FILES_MULTIPLE is a C++ program which demonstrates how a program can open multiple output files at one time, and write data to any one specific file it chooses.
To write data to a file, a FORTRAN90 program needs a filename, an open() statement that assigns a unique unit number to that filename, and write() statements that send data to the file identified by unit number.
To handle two or three files is easy, but to handle an arbitrary number of files requires a little planning.
Supposing we need "n" files, we can create a "template" filename with some zeros in it, like "file00.txt", and call a function like "filename_inc()" which, each time, will return a filename with the numeric text incremented by 1:
file01.txt file02.txt file03.txt ...The filenames can be stored in a character array of dimension n, which might be called "filename".
In order to store the unique unit number of each file, we can simply try to set the first file to unit 1, the second to unit 2, and so on. (For some versions of FORTRAN, this might cause problems, in which case, a function called get_unit() can be used instead.) The unit numbers can be stored in an integer vector of dimension n, which might be called "fileunit".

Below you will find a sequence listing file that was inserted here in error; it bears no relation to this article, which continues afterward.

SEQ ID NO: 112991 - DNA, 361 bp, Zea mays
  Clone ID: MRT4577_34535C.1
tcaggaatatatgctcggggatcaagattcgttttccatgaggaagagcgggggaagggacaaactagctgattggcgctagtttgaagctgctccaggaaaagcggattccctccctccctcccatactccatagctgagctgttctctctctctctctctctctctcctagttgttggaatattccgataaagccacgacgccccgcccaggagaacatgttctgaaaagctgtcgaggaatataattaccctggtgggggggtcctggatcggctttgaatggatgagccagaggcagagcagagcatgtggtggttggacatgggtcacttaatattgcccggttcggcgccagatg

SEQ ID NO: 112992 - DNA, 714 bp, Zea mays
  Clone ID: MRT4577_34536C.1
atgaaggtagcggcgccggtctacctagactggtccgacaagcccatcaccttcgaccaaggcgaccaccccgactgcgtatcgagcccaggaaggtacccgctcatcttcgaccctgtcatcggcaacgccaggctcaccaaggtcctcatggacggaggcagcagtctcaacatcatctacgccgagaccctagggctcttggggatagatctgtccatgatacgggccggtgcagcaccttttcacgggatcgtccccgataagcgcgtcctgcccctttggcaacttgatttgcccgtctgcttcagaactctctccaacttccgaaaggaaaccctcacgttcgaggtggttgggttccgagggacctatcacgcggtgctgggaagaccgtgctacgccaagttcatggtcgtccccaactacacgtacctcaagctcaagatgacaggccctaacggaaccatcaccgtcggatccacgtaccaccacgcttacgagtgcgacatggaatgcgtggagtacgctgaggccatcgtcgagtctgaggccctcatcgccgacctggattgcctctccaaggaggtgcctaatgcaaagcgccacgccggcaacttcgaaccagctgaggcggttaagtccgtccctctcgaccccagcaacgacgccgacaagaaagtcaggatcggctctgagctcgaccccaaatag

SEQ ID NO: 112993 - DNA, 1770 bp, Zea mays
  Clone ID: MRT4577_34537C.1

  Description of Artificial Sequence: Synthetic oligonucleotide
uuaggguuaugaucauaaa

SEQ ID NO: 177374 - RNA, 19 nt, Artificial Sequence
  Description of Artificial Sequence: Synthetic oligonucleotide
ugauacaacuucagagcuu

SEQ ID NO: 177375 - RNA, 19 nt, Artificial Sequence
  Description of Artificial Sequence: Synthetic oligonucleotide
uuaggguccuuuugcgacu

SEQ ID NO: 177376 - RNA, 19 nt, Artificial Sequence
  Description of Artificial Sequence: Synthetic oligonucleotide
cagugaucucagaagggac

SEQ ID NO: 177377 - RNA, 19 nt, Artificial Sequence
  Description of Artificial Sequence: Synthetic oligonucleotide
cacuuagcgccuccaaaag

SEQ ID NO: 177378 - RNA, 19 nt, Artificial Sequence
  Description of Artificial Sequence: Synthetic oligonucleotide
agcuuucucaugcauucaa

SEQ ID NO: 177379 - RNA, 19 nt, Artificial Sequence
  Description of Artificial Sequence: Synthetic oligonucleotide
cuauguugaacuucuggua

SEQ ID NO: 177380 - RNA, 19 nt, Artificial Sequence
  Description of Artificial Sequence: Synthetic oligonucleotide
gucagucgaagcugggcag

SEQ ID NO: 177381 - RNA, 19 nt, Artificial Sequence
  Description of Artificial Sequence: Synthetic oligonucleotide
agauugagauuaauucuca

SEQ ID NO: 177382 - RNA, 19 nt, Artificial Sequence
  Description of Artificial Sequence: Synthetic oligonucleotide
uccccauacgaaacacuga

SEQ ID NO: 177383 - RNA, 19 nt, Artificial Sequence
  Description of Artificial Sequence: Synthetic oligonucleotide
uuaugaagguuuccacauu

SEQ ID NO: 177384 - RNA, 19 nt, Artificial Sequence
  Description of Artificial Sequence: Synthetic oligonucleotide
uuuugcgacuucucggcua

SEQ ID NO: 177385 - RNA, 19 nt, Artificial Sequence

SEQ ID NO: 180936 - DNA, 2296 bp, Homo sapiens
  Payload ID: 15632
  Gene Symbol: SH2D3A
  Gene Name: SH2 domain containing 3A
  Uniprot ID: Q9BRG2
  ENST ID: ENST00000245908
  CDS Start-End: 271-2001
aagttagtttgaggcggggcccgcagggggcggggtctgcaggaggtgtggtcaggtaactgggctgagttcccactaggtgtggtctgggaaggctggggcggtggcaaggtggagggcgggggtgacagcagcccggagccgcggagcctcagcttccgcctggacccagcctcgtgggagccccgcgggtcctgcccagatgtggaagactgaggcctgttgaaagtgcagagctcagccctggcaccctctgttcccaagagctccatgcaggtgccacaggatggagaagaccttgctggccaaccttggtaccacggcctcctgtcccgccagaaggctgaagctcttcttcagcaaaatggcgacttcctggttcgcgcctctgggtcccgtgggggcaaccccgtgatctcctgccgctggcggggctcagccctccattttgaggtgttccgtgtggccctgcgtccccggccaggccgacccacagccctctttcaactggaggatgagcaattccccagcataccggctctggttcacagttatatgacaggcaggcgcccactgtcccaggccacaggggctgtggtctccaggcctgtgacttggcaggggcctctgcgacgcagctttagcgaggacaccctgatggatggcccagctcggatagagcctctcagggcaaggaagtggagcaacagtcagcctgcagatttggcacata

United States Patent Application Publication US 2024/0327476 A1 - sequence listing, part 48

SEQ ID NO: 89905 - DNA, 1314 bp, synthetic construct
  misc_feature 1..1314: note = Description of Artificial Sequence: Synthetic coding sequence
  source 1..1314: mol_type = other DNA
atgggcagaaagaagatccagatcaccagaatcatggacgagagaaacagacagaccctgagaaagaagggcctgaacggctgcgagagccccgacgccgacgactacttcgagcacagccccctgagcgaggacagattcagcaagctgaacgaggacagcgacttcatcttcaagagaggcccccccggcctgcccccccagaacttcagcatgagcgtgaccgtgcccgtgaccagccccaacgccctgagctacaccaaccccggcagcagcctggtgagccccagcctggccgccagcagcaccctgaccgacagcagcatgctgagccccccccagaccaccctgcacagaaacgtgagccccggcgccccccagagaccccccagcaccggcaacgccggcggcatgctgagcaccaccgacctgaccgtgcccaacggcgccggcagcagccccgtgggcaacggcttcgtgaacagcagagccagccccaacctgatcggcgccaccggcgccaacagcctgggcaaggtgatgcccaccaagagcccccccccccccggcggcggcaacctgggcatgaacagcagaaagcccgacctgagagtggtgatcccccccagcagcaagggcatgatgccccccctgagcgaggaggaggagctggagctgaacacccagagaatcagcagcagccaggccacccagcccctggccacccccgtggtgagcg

Now we use a loop from 1 to n, to open the files:
do i = 1, n open ( unit = fileunit(i), file = filename(i), status = 'replace' ) end do
At this point, to write data to the 17th file, we would use a statement like:
write ( unit(17), '(2g14.6)' ) x, y
When we are all done, we need to close the files:
do i = 1, n close ( unit = fileunit(i) ) end do
The computer code and data files described and made available on this web page are distributed under the GNU LGPL license.
FILES_MULTIPLE is available in a C version and a C++ version and a FORTRAN90 version and a MATLAB version.
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FILUM, a C++ library which can work with information in text files.
TABLE_IO, a C++ library which reads and writes table files.
test01() counts from 0 to 100. Each divisor of 2 is written to "divisor1.txt", each divisor of 3 is written to "divisor2.txt" and so on.
test02() watches a vector X, of length 100, as it changes 20 times.
You can go up one level to the C++ source codes.